Updated: Feb 22, 2022
Fostering gratitude in our children doesn’t just benefit our family, it benefits all of us. Raising chiho are grateful enhances mindfulness, connection, compassion and altruism. At a time when many people are not at their best, a dose of gratitude creates space for positive engagement. (See Gratitude for the Little Things 5/22/2020 and Make Room for Gratitude 5/14/2020 for more thoughts on gratitude.)
Thanksgiving and the holidays are a natural time to lean into gratitude, but parents and families can cultivate a culture of gratitude year around. We can do this in a number of ways:
• Model gratitude by talking about it and practicing it in our daily life. Teach children about the many ways that gratitude can be expressed – verbally, in writing (personal journaling or notes to others), prayer, small gifts or tokens of appreciation, and making time to reflect on what is good in our lives. A gratitude practice may also include volunteer work or community giving. Creating family rituals that incorporate gratitude and make sharing and giving back a part of life reinforces that being thankful is an intentional process, a strength to be nurtured, and valued in your family.
• Expect mutuality from our children. Mutuality is the idea that relationships are not just one sided, but reciprocal, and interactions are not only organized around our children’s wants and needs. Ensuring that children are not just on the receiving end in family relationships fosters the notion that they have the capacity to be empathetic, connected and generous in the service of others' needs. They learn that they are worthy of caretaking and develop the habit of giving back. Mutuality also means expecting gratitude and that our children acknowledge acts of kindness and everyday courtesies. Saying no to children from time to time, and setting reasonable limits, is another component of mutuality that reinforces that the time, attention, and resources they enjoy are blessings to be grateful for, rather than something they are simply entitled to.
• Foster a growth mindset. A growth mindset lends itself to gratitude because when we run into difficulties this way of thinking shifts from a focus on what isn’t working to what is going well. A growth mindset recognizes the opportunity in challenges and sees setbacks as a necessary element of learning, an opportunity for growth, and for stretching our existing abilities. This way of thinking invites us to see the potential for good in situations where we may not be expecting to feel grateful. By seeking the positive in even the most difficult moments, we reinforce our gratitude practice, as well as our optimism and resilience.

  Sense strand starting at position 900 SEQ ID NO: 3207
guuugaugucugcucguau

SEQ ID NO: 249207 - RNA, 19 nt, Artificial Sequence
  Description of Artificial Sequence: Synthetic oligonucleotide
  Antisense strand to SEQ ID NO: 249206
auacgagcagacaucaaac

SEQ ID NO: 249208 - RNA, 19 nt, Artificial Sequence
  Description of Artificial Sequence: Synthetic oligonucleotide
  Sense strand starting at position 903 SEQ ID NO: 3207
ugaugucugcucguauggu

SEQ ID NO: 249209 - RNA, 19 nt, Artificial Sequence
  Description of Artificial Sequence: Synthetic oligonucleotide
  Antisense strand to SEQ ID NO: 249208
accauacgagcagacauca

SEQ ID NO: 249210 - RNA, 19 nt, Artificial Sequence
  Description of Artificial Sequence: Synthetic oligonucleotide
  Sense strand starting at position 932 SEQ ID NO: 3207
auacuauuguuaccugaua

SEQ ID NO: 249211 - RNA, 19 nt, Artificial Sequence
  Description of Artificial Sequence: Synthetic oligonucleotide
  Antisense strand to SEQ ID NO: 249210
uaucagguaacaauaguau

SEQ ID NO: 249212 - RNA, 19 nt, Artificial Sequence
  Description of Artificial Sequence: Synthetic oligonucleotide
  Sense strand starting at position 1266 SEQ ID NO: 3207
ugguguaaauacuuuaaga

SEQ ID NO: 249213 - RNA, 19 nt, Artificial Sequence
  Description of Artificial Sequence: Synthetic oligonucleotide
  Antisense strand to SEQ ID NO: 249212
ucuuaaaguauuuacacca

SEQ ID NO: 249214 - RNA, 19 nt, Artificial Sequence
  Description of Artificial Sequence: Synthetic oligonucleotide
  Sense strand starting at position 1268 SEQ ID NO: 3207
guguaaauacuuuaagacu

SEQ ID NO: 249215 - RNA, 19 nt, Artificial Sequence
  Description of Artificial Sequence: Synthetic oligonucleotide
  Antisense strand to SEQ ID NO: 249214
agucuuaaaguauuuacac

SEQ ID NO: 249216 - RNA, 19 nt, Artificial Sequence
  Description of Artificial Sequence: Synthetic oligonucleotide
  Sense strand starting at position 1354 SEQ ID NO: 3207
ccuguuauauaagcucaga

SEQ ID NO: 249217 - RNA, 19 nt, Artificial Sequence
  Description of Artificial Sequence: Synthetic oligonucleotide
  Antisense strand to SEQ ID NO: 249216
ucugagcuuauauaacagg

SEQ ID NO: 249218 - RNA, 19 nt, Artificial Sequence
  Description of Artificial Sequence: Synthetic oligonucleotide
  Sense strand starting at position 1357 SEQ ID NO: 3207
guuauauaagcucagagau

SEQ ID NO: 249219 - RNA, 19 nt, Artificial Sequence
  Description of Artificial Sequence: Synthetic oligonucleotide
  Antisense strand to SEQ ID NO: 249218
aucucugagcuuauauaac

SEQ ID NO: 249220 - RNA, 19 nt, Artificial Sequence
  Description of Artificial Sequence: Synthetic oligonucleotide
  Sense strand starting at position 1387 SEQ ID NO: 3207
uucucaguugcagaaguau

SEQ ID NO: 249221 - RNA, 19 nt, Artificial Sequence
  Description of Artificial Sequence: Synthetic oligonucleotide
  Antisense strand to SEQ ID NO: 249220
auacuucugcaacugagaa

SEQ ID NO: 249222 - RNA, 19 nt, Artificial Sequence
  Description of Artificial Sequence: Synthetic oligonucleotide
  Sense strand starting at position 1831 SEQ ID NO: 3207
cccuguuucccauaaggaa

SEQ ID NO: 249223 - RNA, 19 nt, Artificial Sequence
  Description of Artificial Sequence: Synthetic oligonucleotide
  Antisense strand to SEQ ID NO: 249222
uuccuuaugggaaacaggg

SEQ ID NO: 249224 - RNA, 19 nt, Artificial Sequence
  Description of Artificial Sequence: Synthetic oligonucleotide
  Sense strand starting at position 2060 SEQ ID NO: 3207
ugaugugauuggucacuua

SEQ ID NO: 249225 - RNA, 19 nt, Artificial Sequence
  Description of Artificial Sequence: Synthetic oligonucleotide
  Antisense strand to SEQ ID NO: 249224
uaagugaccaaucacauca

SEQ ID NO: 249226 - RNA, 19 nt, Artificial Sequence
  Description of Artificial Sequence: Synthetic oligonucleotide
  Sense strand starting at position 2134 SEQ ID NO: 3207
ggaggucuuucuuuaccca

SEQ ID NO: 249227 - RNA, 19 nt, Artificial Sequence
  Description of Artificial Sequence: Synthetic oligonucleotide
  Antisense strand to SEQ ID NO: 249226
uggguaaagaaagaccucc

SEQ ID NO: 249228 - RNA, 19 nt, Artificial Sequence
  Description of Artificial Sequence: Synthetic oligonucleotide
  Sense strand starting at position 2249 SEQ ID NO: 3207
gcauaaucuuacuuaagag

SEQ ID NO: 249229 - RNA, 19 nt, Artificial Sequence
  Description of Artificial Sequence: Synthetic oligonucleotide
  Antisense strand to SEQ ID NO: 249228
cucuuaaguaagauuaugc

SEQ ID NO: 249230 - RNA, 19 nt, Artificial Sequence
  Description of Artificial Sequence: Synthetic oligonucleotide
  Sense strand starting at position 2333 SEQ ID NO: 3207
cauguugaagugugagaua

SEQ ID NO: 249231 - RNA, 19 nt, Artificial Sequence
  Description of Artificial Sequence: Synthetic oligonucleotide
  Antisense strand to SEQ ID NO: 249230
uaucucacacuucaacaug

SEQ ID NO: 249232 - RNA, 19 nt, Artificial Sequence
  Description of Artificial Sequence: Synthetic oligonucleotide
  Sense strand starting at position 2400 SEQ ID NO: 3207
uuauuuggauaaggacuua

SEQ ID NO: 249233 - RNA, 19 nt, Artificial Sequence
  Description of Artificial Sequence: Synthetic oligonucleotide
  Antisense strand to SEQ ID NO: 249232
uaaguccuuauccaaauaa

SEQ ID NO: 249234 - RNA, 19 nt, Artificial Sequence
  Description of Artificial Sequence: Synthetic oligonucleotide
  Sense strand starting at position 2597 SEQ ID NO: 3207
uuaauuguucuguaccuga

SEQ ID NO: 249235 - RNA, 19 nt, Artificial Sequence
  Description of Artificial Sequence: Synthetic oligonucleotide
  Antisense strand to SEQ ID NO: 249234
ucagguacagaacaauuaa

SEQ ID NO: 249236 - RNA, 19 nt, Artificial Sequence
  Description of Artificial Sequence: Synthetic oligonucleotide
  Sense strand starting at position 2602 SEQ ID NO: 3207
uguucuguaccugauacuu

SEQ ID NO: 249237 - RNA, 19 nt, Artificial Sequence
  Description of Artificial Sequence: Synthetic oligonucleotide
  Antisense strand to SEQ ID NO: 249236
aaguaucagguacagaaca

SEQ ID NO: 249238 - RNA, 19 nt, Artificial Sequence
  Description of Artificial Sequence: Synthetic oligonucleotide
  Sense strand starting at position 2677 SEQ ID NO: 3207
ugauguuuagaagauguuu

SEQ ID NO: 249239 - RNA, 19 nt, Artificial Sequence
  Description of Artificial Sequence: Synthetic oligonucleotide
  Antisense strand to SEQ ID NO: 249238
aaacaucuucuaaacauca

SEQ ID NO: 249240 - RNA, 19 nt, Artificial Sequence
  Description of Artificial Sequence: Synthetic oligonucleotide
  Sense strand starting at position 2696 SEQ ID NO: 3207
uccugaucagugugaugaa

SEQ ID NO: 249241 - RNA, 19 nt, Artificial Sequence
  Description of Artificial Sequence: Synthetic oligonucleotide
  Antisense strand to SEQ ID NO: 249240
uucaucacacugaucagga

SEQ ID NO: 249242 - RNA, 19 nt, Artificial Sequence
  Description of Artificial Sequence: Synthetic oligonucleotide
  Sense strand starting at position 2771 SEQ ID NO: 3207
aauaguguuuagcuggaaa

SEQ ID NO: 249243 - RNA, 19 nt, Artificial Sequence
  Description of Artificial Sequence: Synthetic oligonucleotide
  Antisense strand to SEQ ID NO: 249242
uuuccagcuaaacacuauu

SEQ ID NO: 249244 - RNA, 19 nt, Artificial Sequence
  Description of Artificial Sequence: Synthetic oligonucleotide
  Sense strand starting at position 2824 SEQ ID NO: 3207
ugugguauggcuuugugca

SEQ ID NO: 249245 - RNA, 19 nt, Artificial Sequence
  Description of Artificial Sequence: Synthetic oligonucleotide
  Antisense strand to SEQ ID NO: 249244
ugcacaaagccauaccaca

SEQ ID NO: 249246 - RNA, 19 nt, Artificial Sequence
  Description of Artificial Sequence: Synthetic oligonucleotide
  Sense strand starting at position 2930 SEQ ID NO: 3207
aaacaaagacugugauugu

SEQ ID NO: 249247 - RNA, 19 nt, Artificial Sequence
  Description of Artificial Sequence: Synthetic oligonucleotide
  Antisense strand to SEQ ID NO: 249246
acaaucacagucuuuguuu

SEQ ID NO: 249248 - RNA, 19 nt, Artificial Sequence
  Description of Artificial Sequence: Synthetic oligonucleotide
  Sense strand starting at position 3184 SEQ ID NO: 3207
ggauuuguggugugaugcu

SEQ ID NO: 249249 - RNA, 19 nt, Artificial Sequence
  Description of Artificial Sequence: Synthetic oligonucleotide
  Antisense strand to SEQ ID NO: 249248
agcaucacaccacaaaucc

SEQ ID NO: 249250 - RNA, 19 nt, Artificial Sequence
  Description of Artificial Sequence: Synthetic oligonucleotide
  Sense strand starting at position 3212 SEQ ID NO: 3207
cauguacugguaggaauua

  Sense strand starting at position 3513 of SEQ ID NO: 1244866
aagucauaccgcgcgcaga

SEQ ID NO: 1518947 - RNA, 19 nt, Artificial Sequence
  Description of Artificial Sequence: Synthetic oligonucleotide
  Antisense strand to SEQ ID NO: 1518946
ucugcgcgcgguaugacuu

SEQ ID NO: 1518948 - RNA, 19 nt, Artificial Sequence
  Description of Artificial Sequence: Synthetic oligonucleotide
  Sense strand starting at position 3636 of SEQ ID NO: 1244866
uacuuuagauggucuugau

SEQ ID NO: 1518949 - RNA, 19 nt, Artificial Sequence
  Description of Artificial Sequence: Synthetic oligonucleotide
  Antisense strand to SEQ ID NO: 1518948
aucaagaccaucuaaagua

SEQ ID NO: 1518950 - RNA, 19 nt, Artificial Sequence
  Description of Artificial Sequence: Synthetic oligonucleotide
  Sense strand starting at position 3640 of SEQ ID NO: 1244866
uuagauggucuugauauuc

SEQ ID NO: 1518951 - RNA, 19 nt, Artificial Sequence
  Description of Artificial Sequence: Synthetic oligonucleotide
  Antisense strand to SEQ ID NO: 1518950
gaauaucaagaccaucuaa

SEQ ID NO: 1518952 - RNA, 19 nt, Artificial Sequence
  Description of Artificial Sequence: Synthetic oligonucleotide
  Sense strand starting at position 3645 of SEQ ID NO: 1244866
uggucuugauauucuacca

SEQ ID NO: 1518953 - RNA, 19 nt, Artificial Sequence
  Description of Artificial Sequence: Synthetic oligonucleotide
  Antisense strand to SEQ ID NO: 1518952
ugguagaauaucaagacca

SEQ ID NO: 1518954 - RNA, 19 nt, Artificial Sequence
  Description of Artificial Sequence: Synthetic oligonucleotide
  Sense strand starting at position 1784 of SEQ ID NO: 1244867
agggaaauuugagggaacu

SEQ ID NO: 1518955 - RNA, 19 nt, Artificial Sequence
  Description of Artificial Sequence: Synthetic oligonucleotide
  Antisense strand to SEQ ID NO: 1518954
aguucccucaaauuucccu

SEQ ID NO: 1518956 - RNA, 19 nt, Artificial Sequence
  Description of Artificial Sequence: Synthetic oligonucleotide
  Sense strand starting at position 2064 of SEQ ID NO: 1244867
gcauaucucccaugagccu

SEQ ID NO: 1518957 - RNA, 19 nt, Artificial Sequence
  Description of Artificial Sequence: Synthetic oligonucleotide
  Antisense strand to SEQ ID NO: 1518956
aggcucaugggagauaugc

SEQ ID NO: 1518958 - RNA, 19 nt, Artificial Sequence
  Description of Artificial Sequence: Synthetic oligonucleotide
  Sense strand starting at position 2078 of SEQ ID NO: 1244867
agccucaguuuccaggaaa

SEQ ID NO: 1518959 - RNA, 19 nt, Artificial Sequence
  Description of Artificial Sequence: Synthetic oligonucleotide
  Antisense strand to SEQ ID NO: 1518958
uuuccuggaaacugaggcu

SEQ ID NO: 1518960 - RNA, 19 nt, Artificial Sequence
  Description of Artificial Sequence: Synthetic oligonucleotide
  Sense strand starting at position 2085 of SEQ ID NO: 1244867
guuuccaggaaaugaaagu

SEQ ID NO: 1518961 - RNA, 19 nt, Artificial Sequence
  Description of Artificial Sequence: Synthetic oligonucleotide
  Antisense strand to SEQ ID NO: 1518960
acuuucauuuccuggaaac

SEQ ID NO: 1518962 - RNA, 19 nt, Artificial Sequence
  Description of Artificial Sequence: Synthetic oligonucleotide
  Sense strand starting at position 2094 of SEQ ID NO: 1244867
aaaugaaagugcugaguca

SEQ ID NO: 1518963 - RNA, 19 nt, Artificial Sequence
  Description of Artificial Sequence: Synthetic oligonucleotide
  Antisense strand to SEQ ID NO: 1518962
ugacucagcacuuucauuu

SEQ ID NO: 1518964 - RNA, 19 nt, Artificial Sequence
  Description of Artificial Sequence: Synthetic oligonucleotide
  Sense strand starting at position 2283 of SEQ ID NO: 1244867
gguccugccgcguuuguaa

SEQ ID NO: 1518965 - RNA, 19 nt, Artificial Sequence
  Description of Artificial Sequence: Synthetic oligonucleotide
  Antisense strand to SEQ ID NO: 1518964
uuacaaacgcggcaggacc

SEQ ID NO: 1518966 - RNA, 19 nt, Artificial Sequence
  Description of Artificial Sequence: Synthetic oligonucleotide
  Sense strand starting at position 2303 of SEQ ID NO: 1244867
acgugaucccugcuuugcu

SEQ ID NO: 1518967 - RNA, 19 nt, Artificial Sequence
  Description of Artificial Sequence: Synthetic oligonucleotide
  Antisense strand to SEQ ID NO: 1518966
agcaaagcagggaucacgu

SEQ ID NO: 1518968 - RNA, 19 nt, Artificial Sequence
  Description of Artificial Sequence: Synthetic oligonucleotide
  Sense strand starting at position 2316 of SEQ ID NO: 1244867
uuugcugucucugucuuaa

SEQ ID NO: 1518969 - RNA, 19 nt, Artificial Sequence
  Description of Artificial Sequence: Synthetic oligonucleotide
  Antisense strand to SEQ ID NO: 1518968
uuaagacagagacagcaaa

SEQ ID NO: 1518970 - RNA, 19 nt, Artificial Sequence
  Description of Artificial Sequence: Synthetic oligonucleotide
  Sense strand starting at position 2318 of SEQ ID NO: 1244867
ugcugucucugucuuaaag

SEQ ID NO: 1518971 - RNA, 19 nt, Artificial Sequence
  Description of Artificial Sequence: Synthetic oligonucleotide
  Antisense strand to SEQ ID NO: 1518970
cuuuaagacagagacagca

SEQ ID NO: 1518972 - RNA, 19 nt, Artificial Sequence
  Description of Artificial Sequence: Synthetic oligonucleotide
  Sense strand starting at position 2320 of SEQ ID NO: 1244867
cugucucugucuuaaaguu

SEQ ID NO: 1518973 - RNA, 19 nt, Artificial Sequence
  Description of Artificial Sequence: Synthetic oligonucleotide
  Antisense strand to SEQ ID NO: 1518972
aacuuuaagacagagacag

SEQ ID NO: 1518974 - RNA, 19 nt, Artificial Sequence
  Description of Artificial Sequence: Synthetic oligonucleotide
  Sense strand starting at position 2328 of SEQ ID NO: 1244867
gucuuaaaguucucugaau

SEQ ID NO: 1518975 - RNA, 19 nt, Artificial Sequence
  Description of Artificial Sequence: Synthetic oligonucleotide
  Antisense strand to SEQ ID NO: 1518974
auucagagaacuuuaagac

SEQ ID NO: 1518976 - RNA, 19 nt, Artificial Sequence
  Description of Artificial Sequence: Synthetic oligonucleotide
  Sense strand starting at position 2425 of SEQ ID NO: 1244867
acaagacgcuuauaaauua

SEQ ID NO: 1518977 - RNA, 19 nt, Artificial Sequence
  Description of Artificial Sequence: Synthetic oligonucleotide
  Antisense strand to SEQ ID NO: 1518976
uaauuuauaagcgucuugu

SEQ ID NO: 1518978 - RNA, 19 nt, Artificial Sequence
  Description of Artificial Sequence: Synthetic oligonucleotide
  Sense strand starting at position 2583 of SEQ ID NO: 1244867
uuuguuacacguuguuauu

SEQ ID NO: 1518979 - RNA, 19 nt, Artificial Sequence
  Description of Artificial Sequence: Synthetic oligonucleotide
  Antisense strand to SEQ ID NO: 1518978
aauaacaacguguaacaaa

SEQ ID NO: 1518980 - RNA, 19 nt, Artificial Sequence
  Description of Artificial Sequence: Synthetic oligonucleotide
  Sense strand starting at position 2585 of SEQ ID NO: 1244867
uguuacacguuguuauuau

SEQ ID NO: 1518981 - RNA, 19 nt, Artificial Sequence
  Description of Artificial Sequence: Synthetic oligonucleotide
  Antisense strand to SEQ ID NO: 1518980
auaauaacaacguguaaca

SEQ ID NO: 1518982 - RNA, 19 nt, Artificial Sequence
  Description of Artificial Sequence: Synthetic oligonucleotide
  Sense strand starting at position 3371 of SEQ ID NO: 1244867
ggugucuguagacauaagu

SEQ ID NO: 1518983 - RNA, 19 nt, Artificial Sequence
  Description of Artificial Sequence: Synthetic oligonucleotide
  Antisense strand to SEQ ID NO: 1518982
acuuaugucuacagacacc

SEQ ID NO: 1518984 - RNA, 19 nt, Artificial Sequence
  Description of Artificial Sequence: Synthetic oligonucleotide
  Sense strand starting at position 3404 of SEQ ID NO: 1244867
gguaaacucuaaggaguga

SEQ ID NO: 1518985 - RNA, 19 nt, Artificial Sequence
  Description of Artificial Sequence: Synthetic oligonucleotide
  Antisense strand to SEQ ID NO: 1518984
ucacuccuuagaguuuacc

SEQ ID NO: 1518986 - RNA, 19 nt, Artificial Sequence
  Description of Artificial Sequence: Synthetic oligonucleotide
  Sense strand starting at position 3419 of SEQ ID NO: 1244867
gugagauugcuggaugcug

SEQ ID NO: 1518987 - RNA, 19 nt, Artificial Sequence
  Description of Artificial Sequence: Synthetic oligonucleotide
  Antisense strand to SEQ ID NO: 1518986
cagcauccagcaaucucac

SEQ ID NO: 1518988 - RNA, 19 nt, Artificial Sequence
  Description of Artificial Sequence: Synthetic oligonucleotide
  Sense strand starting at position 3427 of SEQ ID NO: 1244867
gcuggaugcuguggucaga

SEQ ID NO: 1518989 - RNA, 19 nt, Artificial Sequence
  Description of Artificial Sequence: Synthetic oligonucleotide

• Embrace an abundance orientation, rather than a scarcity orientation. Similar to a growth mindset, an abundance mentality allows us to see more choices, resources and opportunities in our lives, rather than limitations. While a scarcity mentality focuses on limitations and fosters a fear of not having enough, an abundance mentality encourages celebrating others’ successes and sharing our opportunities, ideas, time and resources because they are not finite and don’t need to be kept to ourselves. We can develop an abundance mindset by choosing to see opportunity, reminding ourselves that there is more than enough, choosing carefully the people we surround ourselves with, making time and space for reflection, and giving more of what we want to receive.
Scarcity thinking shows up in the same way as lack of gratitude: through entitlement, an expression of appreciation that is superficial, and seeing challenging situations, others' success or a higher power as punitive. It fuels a preoccupation with what others have compared to you, and undermines collaboration, cooperation and generosity.
• Communicate your values and sense of purpose. Help your child think critically about the world around him and what is most important in creating a meaningful life. Encourage them to shift their focus from activities related to status, consumption or performance to those that enhance cooperation, affiliation, and the recognition that they are part of a larger community. Explore how their values and strengths may be shared with others to contribute to a common good. As children develop competencies that reflect their values, help them to recognize who and what opportunities have been essential in helping them develop. Teaching children to give their time and talents to others, connects them to a broader purpose and fosters kindness and connection. This applies to community giving and big causes, as well as the routine household and family responsibilities that positively impact their own families and give our kids a sense of agency.
Now is a good time to be grateful.